In the fall of 2015, Palomar Health faced a challenge familiar throughout the healthcare industry: how to meet the looming ICD-10 deadline in the most efficient and cost effective way? And while headlines touted the difficulties that both payers and providers would face—from budget shortfalls and system failures to potentially significant reimbursement delays and costly penalties—Palomar Health’s challenge was unique.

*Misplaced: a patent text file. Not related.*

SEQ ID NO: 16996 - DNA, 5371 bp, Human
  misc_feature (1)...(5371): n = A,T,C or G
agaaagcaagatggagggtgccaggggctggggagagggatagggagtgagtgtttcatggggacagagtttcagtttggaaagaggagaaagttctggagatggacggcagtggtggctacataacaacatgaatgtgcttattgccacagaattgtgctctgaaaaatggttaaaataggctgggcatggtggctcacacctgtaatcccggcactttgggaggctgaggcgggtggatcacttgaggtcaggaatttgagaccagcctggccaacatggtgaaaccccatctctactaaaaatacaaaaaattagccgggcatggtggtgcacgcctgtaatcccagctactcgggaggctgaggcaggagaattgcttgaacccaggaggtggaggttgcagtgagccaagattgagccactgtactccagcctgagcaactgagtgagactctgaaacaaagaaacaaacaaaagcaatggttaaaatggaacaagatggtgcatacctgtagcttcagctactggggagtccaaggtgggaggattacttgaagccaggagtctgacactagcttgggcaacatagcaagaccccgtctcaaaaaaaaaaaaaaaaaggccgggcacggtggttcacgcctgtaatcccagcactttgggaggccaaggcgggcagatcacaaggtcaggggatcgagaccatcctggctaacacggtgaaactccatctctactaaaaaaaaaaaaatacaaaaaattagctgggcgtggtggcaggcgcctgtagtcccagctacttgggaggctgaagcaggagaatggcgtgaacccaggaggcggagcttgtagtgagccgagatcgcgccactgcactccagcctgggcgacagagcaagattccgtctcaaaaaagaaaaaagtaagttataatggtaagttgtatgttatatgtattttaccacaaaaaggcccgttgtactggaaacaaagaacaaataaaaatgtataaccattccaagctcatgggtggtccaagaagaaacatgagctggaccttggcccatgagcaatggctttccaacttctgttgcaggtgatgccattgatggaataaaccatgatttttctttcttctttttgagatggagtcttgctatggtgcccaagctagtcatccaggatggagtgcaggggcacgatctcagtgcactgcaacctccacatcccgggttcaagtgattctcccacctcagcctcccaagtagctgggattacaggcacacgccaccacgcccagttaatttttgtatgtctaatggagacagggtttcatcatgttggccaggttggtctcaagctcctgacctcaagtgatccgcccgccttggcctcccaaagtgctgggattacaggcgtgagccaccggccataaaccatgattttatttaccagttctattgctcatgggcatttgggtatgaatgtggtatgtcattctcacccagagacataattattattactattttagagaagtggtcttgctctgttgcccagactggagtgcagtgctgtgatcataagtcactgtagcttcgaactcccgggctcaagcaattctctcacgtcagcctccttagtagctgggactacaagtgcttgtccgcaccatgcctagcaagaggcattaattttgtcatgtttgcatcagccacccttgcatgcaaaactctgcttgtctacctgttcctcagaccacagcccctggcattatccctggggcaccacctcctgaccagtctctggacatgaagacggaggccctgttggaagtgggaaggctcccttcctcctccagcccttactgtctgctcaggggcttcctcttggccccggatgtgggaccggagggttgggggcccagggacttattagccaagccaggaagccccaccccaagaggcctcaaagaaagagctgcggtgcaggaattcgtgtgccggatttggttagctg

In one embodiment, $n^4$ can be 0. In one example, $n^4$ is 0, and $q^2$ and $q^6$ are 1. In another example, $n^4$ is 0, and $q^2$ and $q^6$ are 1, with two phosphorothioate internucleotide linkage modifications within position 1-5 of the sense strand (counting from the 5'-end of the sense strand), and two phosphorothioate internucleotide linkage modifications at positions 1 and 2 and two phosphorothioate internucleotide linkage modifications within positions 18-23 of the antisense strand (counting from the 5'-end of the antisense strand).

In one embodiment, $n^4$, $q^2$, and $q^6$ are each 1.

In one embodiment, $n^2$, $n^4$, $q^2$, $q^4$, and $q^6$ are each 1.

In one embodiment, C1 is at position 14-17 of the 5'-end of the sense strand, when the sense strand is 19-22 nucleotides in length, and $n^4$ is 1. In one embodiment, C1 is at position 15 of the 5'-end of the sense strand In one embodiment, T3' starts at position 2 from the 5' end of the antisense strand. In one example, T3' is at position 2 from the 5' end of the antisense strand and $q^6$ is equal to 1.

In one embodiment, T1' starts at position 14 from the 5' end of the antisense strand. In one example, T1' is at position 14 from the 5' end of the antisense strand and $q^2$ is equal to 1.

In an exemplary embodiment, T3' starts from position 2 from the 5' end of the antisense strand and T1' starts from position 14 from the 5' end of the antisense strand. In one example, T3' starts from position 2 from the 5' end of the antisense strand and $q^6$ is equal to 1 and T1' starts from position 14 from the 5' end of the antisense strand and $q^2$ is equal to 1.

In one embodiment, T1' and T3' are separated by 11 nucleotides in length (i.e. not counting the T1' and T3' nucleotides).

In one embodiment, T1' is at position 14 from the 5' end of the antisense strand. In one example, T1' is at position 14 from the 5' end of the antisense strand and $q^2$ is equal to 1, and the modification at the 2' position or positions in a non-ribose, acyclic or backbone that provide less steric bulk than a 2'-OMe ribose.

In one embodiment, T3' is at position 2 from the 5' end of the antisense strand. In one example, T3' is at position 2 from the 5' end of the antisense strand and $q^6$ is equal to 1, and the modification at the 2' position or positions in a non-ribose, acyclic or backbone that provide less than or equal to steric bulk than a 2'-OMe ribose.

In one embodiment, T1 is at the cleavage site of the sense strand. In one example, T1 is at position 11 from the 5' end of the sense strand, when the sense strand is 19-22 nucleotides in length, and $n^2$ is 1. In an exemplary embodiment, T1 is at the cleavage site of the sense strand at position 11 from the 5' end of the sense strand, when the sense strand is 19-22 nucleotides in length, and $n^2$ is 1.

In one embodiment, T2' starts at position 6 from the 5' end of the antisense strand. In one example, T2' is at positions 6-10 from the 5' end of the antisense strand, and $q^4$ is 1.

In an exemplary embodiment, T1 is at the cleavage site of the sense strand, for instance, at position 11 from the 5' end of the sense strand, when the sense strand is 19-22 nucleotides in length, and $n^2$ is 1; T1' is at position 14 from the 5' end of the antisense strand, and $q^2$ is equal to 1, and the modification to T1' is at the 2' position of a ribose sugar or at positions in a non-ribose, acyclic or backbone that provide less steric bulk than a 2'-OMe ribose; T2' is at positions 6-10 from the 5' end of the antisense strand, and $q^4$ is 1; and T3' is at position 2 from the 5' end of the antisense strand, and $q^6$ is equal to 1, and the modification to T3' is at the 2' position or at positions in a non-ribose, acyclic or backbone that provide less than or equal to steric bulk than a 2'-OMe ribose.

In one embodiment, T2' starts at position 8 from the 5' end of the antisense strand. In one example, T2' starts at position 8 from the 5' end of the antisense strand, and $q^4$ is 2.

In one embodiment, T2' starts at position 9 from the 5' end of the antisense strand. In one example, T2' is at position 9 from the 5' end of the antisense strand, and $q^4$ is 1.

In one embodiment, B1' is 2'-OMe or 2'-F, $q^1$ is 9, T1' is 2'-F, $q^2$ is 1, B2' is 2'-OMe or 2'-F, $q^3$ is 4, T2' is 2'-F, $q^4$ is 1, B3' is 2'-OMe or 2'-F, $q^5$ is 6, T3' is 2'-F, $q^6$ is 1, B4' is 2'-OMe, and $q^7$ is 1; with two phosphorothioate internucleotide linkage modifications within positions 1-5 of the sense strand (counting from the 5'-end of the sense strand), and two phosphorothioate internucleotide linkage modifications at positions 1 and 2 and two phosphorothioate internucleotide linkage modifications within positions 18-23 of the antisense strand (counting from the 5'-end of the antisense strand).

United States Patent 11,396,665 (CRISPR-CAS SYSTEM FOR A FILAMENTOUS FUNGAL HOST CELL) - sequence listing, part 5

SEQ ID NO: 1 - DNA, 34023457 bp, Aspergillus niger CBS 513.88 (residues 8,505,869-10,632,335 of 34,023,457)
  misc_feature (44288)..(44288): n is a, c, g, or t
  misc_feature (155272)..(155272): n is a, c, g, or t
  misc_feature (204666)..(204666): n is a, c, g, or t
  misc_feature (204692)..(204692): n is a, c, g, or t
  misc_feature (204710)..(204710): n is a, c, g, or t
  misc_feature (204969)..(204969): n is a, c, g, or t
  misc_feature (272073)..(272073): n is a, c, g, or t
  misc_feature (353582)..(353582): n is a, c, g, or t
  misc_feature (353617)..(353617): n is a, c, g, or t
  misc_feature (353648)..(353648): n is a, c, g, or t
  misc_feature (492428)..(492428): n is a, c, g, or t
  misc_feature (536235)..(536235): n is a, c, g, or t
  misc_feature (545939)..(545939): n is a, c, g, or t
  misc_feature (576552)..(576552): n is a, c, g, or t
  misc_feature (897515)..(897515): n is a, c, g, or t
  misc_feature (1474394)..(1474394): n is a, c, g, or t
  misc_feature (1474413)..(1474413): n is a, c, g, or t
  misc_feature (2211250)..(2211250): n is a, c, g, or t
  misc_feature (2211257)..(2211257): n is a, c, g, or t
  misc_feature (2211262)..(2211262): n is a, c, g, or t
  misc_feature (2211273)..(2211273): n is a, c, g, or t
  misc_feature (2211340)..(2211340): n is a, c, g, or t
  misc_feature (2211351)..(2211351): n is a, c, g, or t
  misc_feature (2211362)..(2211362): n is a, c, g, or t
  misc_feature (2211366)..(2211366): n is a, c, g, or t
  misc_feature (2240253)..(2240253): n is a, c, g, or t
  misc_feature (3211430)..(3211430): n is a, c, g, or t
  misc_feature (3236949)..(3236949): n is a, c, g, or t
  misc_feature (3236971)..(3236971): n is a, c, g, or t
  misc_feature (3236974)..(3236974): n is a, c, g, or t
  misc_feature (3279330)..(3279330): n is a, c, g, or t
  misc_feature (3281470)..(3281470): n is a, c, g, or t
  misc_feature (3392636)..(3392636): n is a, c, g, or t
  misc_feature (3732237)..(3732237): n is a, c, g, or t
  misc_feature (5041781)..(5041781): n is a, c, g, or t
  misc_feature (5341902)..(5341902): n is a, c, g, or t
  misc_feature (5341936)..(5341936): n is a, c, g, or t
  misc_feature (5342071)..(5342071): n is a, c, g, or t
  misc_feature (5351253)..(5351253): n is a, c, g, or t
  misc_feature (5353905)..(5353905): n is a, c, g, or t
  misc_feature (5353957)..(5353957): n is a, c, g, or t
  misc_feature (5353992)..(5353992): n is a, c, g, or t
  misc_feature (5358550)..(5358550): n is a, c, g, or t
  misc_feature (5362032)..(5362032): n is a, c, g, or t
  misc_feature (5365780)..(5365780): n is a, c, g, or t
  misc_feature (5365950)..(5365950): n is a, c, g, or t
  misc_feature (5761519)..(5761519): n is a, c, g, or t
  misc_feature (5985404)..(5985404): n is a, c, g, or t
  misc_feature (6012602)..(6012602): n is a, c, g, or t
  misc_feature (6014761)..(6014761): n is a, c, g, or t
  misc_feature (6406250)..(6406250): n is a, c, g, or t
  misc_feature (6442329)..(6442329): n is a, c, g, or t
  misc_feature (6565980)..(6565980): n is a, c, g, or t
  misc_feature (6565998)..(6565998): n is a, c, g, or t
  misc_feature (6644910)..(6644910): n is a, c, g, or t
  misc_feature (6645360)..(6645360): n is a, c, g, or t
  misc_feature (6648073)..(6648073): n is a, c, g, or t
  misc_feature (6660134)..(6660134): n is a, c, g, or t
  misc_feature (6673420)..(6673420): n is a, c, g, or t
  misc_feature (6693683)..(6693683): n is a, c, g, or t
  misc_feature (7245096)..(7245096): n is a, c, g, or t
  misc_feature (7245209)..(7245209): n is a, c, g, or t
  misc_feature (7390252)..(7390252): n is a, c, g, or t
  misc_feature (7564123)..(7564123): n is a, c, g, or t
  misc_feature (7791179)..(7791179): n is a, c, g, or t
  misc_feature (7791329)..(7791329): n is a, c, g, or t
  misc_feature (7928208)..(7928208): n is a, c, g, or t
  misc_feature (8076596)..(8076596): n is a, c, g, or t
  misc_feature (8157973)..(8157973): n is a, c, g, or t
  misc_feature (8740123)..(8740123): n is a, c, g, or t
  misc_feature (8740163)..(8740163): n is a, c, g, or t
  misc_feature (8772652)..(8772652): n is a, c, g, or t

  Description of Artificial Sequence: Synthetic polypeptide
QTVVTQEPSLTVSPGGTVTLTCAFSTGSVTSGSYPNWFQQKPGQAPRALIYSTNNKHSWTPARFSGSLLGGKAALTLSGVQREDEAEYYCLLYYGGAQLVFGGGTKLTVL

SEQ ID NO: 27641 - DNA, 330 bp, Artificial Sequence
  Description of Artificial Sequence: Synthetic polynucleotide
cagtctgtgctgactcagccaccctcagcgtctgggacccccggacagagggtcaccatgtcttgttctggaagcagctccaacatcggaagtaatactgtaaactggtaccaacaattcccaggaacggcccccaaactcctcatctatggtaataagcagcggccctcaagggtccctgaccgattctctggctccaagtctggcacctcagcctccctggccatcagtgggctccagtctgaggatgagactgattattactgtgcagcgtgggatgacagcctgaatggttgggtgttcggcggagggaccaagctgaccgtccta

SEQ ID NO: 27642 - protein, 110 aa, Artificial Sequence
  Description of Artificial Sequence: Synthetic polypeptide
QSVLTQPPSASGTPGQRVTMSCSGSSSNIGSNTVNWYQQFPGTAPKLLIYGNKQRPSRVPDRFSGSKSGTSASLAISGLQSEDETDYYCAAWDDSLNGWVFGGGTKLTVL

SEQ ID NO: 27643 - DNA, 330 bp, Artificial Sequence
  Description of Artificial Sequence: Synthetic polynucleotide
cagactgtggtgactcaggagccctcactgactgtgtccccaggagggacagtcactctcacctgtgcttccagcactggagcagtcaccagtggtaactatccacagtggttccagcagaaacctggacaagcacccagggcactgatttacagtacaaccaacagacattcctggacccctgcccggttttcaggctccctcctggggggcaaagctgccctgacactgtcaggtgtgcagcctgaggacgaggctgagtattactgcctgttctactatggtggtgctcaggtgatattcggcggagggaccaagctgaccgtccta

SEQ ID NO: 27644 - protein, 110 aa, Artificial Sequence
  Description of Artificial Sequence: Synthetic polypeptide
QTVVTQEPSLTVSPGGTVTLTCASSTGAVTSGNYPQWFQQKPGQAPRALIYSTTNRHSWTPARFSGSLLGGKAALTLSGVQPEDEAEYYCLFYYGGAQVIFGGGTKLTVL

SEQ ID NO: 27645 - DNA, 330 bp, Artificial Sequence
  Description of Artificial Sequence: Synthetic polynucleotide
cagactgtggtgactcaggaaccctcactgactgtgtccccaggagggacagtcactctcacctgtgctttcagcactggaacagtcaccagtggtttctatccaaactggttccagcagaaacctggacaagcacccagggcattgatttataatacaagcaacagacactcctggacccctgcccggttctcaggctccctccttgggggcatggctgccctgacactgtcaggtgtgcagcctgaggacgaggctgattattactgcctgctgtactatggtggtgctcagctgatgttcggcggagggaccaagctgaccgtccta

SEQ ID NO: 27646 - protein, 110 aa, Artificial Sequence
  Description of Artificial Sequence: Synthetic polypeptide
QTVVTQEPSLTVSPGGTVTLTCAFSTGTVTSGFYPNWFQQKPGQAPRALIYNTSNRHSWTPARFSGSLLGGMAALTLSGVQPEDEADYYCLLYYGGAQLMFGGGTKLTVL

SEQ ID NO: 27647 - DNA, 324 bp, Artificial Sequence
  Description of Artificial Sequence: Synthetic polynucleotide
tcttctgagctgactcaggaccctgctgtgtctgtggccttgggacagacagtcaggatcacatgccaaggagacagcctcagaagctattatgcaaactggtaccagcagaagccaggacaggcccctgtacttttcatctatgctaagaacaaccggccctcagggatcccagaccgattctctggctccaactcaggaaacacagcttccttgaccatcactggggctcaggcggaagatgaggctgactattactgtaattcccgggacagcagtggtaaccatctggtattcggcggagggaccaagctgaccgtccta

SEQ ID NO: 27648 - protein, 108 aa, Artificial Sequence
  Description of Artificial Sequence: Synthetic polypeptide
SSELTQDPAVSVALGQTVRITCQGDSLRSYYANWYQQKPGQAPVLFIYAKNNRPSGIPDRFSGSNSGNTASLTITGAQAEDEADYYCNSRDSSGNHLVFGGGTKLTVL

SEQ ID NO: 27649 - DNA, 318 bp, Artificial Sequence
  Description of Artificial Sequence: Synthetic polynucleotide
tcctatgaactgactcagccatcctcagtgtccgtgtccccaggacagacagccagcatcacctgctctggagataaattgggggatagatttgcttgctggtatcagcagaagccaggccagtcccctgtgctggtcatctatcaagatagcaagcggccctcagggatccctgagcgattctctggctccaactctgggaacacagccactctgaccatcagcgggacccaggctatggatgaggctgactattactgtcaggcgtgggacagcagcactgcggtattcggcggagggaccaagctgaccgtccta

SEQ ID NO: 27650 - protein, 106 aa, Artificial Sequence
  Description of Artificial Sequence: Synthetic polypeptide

Palomar Health had an existing coding department. But attempting to address the ICD-10 transition on their own would mean significant expenditures on training and possible new hires, with no guarantee of success. On the other hand, outsourcing their coding functions, while still no guarantee of success, would remove transparency from the coding process. How much work would be done by each FTE they were paying for? Would their contracted staff be adequate for their needs? The answers to these questions could not be known if they turned over their operations to an outside organization with opaque pricing and no skin in the game. Both alternatives would require significant initial expenditures, and neither would give Palomar Health the flexibility it needed to accommodate what was anticipated to be an unpredictable transition: one in which fluctuations in personnel and outcomes were expected to be the norm.